Redline! Review – too cool for a pun
Extras: Trailer, Perfect Guide to Redline, Quick Guide to Redline, English dub and Japanese with English Subtitles
Due to a house move, I had managed to miss almost all the promotional material for Redline, as I was literally living out of a box (or rather, lots of boxes). I had managed to get it into my head that it was a series, and whilst I knew it was about racing, I was dubious as to how it would manage to maintain my interest, as I’m not really a fan of sporting anime.
I settled down to watch it and realised an hour later that it was a movie, not a series. That’s the first thing you need to know to realise that this is something special. Redline is so involving and slick that I didn’t notice that we hadn’t had a credit break.
We open on the final leg of the ‘Yellow Line’ race, a qualifier for the titular redline, and we’re quickly introduced to two of the main players – ‘Sweet’ JP, in his buttercup yellow TransAm, and Sonoshee, in her famous car the ‘Crab Sonoshee’. All is not as it seems though, and we see JP’s mechanic, Frisbee, in cahoots with a cocaine-licking alien ganglord. They’ve fixed the race. JP will never be able to win, as Frisbee has set up a bomb to take out the TransAm if JP loses sight of the goal.
JP ends in hospital, the TransAm is totalled, and Redline has never seemed further away.
Suddenly the doors to the hospital room burst open and the room is flooded with reporters – JP’s made it into Redline, because two racers dropped out when the venue was announced. The venue? Roboworld. An isolated, militaristic planet where living creatures have modified themselves beyond recognition into cyborgs of various grotesque visualities, and they don’t want Redline, and they’ll use their full combat might to stop anyone racing. That seems to only make the challenge more exciting, and the racers rise to it with gusto.
In the opening sequence, I was dazzled by the high quality animation – the art style and animation are both absolutely stunning, with wonderful linework and dynamics that seem to me to owe a lot to anime like Outlaw Star and Cowboy Bebop – classics, with styles slightly more mature than the norm, slightly more rugged character designs, and darker content. I noticed the similarity in the animation first in the way the characters use their hands, little touches which show the school this film is coming from. The cars go so fast, noses start to bleed and faces contort with the G-Forces – the blood and gore is minimal, but rendered with gusto when it appears, and there are some cracking explosions and race sequences that just blow your mind. The soundtrack is mostly fast beats and with a techno twist and catchy ‘yeah yeahs’ over the top, but it really enhances the fast pace of the race and gets the you invested.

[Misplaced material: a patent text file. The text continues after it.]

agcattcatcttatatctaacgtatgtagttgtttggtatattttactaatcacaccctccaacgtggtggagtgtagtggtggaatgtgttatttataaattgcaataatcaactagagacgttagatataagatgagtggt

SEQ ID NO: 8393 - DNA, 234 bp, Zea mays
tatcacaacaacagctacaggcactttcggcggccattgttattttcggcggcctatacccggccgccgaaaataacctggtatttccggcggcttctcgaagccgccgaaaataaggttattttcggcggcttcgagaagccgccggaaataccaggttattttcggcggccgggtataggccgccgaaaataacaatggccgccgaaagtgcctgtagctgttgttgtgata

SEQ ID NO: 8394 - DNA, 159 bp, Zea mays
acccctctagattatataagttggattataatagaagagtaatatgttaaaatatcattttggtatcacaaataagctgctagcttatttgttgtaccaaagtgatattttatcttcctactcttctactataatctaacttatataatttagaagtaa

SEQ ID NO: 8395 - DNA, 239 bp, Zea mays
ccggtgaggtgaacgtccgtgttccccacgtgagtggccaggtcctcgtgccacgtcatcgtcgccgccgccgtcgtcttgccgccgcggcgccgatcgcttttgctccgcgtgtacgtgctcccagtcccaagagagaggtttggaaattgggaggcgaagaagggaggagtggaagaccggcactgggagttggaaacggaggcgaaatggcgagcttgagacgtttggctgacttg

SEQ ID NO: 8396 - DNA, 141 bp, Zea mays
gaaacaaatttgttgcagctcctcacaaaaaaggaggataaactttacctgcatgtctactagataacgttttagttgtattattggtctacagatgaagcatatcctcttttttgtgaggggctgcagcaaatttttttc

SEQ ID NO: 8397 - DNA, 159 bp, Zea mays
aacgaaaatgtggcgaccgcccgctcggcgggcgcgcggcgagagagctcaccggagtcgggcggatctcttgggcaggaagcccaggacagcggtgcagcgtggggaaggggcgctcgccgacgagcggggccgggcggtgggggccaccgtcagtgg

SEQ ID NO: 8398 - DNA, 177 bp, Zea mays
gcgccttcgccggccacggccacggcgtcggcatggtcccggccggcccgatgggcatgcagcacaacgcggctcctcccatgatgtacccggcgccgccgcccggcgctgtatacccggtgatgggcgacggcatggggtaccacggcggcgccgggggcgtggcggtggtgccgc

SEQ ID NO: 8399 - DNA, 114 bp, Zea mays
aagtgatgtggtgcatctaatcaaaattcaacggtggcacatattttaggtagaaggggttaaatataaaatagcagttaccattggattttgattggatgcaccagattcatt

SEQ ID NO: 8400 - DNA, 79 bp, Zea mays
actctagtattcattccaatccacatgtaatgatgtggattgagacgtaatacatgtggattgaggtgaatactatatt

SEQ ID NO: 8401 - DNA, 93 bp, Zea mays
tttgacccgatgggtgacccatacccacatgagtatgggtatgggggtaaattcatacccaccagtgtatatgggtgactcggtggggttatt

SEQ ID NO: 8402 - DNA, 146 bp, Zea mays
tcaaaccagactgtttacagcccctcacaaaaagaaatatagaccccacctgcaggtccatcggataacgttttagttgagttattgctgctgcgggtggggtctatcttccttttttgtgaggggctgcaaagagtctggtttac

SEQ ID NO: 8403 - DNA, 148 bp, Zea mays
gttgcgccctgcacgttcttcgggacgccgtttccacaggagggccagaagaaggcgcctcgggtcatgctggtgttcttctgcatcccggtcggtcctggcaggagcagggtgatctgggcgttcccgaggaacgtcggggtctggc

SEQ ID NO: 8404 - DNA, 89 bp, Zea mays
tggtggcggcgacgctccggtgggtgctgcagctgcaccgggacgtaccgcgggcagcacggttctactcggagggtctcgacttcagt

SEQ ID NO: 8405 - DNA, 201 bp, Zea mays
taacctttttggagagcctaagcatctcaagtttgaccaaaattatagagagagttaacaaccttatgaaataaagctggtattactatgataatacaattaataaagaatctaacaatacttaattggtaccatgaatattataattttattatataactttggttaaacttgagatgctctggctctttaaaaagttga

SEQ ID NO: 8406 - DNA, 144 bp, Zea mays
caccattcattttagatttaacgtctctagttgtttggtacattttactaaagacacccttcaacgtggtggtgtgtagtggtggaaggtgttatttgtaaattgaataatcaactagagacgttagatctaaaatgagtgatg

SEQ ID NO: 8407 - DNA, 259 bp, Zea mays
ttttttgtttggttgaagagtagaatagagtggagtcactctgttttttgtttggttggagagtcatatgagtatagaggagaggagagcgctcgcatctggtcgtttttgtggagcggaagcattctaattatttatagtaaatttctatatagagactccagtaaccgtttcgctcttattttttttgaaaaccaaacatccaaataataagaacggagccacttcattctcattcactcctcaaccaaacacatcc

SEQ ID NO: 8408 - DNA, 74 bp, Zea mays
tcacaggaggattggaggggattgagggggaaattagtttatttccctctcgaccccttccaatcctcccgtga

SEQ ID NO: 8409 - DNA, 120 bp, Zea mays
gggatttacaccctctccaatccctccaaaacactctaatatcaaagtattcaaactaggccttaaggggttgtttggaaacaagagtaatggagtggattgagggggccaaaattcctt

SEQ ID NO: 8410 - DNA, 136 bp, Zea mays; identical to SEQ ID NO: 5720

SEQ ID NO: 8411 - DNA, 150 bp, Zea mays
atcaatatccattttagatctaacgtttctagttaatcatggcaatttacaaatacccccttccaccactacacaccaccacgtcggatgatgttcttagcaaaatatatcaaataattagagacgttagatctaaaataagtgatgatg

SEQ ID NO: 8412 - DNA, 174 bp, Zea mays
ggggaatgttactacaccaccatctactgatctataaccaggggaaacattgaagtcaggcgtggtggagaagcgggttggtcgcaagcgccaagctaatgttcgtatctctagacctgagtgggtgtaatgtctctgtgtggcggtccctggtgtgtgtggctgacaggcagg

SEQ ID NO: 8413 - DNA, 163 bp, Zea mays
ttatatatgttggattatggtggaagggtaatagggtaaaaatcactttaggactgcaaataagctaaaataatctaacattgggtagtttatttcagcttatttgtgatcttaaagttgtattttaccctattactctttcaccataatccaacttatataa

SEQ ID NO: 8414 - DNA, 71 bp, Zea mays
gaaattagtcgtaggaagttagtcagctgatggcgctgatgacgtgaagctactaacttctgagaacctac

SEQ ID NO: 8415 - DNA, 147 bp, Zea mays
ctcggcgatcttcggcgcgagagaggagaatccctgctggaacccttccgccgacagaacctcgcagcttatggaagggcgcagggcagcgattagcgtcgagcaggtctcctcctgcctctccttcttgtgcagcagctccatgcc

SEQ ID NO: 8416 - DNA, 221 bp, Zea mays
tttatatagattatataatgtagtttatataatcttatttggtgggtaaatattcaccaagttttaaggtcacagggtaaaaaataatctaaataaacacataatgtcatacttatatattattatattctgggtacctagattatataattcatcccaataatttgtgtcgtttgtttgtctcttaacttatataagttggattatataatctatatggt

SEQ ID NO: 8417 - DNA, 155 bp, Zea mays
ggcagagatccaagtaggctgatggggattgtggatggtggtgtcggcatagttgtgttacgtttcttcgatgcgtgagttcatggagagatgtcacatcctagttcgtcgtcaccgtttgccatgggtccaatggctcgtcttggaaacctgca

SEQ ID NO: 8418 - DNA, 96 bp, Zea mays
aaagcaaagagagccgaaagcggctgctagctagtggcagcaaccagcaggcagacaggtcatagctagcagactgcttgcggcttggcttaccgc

It has some cracking lines as well. One of my favourites? “They’re going to violate our airspace using navigational technology that only exists in theory? The nerve of those vermin!”
I think what I loved most was the whimsy of the whole thing. It takes as much from F-Zero and Wacky Races as it does from anime before it – each racer has their own character, and their own car with a catchy name. Soneshee drives the Crab Sonoshee, an amphibious car in bright orange, for example. JP’s car looks like a traditional TransAm, beefed up with Nitros, and compared to some of the other behemoths racing in this strange contest it is miniscule. It would have been so easy to give the main character the biggest car, the sleekest car, but the fact that he’s given a Rockabilly quiff and a yellow classic American racing machine just brings home the full force of the ridiculous and joy behind the film. There are a pair of bounty hunters who make Batman and Robin look butch, there’s a duo of sexy racers with their own pop single out and a car that transforms into a busty pink lady, and a cyborg who gets stronger the more he cries. It’s crazy, it’s fantastic and it’s brilliant fun. It was a project of love and you can really tell in the final cut.
One of the Extras – ‘A Perfect Guide to Redline’ – reveals that this film took 7 years to make, and it was entirely hand drawn, with 100, 000 drawings used. The sheer dedication to it is obvious all throughout, and certainly the end product is something they can be extremely proud of. The dub is so well done as well, to complement the original animation and style, I couldn’t really pick a fault with it.
I loved Redline. I honestly did, and I wasn’t expecting to be as blown away by it as I was. Even thinking back to it now, I find myself buzzing with the adrenaline rush just watching it gives you. It is, at its heart, a feel-good film. And it really really made me feel good. Usually I will weigh up the pros and cons of a production, but I can’t find any cons. It’s fast paced, just under two hours so it doesn’t feel long, beautifully animated, there’s a love story, there’s a bit of boob, there’s a lot of action and it’s just an all round feast for the eyes and treat for the senses.
Rating: 9 on the richter scale, and 5 out 5.